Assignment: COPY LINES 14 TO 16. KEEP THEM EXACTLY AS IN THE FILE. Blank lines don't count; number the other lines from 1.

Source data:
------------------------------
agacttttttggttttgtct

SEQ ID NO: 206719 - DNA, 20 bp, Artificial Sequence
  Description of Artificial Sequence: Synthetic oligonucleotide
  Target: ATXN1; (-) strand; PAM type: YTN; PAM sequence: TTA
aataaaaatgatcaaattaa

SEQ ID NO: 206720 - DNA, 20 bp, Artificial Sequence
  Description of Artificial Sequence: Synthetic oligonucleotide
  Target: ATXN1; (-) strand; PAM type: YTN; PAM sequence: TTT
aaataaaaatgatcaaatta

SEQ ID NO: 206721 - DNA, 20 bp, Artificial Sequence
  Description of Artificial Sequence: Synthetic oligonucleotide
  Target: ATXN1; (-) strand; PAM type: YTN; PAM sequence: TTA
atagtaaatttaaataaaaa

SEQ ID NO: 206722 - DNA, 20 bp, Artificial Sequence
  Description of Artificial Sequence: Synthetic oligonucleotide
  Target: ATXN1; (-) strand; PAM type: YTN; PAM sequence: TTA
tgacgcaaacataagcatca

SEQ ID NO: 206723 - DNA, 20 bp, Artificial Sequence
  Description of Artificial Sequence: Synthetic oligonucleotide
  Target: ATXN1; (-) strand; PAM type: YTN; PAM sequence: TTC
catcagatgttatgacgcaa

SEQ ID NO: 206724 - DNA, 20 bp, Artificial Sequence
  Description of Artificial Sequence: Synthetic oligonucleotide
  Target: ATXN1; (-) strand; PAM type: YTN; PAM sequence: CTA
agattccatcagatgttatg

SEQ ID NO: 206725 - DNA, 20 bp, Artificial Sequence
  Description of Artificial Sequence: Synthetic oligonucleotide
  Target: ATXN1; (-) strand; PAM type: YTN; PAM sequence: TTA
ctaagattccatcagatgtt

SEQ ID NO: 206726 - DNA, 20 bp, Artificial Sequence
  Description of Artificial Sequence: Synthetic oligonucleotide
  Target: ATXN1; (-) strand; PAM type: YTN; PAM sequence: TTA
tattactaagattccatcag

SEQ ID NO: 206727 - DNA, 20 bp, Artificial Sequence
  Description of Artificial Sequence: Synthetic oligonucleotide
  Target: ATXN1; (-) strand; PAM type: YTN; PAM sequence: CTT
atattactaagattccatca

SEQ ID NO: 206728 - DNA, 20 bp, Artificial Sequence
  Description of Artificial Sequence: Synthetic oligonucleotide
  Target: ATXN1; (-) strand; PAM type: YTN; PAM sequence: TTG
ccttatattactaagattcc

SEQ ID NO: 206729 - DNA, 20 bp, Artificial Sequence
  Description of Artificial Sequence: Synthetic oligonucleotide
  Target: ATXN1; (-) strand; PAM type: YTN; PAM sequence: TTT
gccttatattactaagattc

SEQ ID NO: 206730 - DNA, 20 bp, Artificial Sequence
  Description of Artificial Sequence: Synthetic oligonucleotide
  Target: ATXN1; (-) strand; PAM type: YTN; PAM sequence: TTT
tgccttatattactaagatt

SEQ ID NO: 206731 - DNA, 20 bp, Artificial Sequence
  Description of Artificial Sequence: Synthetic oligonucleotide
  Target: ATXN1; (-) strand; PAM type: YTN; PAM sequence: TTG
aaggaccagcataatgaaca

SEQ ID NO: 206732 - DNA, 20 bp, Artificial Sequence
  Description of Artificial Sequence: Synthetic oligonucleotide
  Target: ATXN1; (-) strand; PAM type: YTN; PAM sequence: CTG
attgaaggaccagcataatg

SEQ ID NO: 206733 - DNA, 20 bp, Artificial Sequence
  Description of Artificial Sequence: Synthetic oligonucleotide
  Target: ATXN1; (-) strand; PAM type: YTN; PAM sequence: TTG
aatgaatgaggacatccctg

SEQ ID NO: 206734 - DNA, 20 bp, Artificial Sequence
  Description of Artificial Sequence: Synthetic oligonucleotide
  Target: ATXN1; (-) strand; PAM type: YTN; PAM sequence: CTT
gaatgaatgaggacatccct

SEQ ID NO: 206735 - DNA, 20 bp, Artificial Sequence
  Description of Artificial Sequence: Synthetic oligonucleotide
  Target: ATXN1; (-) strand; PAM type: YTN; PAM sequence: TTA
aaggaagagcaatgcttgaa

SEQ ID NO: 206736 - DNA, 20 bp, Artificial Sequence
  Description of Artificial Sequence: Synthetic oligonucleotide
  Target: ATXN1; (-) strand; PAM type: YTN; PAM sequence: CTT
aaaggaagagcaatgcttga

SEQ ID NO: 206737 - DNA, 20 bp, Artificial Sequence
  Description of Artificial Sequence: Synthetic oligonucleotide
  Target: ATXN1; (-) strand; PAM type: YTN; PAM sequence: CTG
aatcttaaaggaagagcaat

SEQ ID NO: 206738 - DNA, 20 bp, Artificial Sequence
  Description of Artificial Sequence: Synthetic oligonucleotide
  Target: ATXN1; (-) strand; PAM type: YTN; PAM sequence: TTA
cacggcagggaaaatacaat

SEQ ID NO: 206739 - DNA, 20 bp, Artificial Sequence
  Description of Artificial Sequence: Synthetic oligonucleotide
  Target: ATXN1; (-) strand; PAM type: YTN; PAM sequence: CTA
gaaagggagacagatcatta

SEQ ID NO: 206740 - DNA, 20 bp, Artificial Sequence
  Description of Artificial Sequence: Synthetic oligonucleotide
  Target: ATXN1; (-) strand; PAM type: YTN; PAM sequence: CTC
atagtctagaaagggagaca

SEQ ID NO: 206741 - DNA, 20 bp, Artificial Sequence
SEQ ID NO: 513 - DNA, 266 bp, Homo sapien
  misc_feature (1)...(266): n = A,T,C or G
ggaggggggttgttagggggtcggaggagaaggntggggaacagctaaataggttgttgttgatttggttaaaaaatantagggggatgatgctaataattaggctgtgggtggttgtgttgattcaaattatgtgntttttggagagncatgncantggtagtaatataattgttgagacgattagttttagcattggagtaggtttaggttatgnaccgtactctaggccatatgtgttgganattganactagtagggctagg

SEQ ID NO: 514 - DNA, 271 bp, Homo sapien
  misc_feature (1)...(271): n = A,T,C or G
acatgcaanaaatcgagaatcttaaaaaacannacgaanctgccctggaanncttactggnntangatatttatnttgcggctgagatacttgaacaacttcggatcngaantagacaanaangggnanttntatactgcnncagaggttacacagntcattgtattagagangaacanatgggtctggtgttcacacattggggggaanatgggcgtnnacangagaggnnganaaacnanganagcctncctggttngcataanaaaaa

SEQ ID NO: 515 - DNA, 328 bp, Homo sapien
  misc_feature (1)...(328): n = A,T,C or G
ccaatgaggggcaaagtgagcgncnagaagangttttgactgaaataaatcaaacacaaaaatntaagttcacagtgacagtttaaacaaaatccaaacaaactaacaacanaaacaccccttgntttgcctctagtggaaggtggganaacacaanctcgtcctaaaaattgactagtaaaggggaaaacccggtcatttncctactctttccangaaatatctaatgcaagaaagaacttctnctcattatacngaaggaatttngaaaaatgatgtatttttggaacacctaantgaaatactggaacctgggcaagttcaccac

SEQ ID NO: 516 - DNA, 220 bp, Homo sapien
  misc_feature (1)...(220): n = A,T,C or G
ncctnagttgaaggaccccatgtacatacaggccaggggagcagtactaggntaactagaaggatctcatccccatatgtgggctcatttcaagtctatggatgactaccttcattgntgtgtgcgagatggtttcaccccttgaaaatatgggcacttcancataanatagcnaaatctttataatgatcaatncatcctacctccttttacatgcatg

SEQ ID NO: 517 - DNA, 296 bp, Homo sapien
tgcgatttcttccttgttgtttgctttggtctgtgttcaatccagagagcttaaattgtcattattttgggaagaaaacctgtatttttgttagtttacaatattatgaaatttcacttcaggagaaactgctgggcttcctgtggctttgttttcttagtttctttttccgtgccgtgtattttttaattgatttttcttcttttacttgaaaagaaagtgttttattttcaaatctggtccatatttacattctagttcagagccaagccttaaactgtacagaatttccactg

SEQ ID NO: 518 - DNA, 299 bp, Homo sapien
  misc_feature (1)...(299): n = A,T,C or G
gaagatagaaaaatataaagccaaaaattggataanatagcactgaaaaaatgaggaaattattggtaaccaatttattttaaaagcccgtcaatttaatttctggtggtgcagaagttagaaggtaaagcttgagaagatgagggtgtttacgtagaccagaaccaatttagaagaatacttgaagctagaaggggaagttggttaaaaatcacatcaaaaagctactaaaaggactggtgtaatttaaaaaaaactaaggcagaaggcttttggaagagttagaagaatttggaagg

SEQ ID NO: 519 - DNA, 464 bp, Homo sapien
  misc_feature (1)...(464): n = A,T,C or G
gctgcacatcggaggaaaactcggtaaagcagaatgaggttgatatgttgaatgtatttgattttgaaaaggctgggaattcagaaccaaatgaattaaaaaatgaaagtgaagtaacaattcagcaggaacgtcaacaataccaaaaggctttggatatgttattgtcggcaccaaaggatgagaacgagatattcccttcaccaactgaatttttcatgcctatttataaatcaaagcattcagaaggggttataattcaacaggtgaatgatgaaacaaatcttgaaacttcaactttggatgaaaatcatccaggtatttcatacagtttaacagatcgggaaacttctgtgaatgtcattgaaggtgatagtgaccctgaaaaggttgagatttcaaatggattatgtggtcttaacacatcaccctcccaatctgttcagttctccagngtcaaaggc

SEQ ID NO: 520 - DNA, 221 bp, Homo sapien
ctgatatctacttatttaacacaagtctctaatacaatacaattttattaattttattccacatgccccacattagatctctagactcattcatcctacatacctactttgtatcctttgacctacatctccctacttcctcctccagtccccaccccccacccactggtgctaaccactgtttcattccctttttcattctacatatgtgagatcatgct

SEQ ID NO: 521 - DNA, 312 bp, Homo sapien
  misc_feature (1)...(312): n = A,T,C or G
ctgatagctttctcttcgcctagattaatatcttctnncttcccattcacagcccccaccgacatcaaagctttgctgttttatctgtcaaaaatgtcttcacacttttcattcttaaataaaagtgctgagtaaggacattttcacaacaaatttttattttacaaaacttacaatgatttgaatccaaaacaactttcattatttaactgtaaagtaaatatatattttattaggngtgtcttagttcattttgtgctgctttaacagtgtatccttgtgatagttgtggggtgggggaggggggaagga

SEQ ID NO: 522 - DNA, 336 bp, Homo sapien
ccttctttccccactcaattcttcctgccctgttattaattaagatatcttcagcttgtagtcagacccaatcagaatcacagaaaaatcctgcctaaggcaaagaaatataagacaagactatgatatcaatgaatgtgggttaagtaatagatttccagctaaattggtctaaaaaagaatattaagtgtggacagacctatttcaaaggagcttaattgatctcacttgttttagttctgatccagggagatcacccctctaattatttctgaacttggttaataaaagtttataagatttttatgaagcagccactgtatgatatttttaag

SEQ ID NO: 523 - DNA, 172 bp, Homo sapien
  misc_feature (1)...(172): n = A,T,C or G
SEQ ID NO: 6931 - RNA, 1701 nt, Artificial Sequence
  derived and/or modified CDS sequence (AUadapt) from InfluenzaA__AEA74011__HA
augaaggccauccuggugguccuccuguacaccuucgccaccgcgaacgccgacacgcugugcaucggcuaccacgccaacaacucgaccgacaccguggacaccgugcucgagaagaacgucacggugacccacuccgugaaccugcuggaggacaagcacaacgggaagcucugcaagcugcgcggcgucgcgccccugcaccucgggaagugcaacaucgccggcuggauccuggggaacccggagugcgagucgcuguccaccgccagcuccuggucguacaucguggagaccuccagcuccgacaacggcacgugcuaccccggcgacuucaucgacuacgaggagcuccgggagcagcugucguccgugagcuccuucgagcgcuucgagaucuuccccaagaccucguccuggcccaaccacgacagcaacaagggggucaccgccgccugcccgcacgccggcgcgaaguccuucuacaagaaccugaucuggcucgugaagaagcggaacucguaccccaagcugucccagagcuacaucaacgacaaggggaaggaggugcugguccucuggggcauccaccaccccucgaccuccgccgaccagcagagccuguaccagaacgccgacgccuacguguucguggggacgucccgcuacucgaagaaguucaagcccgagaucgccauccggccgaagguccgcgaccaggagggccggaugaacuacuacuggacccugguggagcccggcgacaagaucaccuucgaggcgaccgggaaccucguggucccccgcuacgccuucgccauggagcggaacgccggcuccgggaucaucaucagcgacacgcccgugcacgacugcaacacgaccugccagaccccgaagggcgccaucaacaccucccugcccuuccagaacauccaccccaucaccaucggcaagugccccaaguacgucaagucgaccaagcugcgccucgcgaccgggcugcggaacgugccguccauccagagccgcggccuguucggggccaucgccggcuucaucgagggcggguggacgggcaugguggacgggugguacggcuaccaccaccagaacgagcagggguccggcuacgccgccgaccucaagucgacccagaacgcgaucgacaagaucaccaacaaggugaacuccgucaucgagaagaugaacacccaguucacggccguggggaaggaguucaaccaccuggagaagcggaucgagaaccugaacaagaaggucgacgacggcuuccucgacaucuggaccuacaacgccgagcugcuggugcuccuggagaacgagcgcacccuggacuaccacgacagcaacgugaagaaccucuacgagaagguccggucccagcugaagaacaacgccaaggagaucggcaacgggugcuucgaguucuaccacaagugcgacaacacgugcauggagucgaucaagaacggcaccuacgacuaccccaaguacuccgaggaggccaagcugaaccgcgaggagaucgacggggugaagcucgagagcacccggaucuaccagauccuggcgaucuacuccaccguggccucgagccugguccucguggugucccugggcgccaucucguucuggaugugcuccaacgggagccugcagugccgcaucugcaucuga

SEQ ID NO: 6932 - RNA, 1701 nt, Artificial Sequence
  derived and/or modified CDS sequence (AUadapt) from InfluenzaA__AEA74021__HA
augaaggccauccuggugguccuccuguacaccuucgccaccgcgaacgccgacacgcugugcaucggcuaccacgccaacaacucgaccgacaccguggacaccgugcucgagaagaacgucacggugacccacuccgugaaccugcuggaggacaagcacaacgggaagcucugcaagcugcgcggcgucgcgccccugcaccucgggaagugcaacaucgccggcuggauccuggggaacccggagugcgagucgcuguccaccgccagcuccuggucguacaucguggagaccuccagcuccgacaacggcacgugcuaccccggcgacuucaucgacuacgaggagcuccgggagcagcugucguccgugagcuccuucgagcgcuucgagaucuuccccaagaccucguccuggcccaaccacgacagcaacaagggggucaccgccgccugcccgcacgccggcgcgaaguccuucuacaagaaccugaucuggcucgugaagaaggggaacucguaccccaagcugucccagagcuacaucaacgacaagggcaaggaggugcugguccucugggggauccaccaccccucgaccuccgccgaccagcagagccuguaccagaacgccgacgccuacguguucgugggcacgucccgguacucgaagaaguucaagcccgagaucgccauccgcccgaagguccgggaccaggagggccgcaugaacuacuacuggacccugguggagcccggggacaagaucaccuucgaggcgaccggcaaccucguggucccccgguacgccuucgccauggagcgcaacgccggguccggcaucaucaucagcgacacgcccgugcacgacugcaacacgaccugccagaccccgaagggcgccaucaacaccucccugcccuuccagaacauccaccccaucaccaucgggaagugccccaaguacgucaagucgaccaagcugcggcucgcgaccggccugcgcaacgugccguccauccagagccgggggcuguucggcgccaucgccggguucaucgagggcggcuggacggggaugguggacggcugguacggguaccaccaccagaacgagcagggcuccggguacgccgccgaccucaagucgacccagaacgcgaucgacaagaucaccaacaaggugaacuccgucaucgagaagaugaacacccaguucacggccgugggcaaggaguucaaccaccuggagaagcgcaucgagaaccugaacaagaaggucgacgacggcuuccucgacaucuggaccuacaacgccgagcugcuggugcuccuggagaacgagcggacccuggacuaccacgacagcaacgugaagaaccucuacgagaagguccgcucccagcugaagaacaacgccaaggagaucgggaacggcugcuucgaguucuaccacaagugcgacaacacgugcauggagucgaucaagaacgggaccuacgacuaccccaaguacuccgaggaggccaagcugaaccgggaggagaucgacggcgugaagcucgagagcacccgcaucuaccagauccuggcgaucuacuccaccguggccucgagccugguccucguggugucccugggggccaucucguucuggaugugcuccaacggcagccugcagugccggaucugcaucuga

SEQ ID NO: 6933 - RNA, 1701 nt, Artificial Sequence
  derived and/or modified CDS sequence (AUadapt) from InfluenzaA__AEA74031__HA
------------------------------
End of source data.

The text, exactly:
SEQ ID NO: 206722 - DNA, 20 bp, Artificial Sequence
  Description of Artificial Sequence: Synthetic oligonucleotide
  Target: ATXN1; (-) strand; PAM type: YTN; PAM sequence: TTA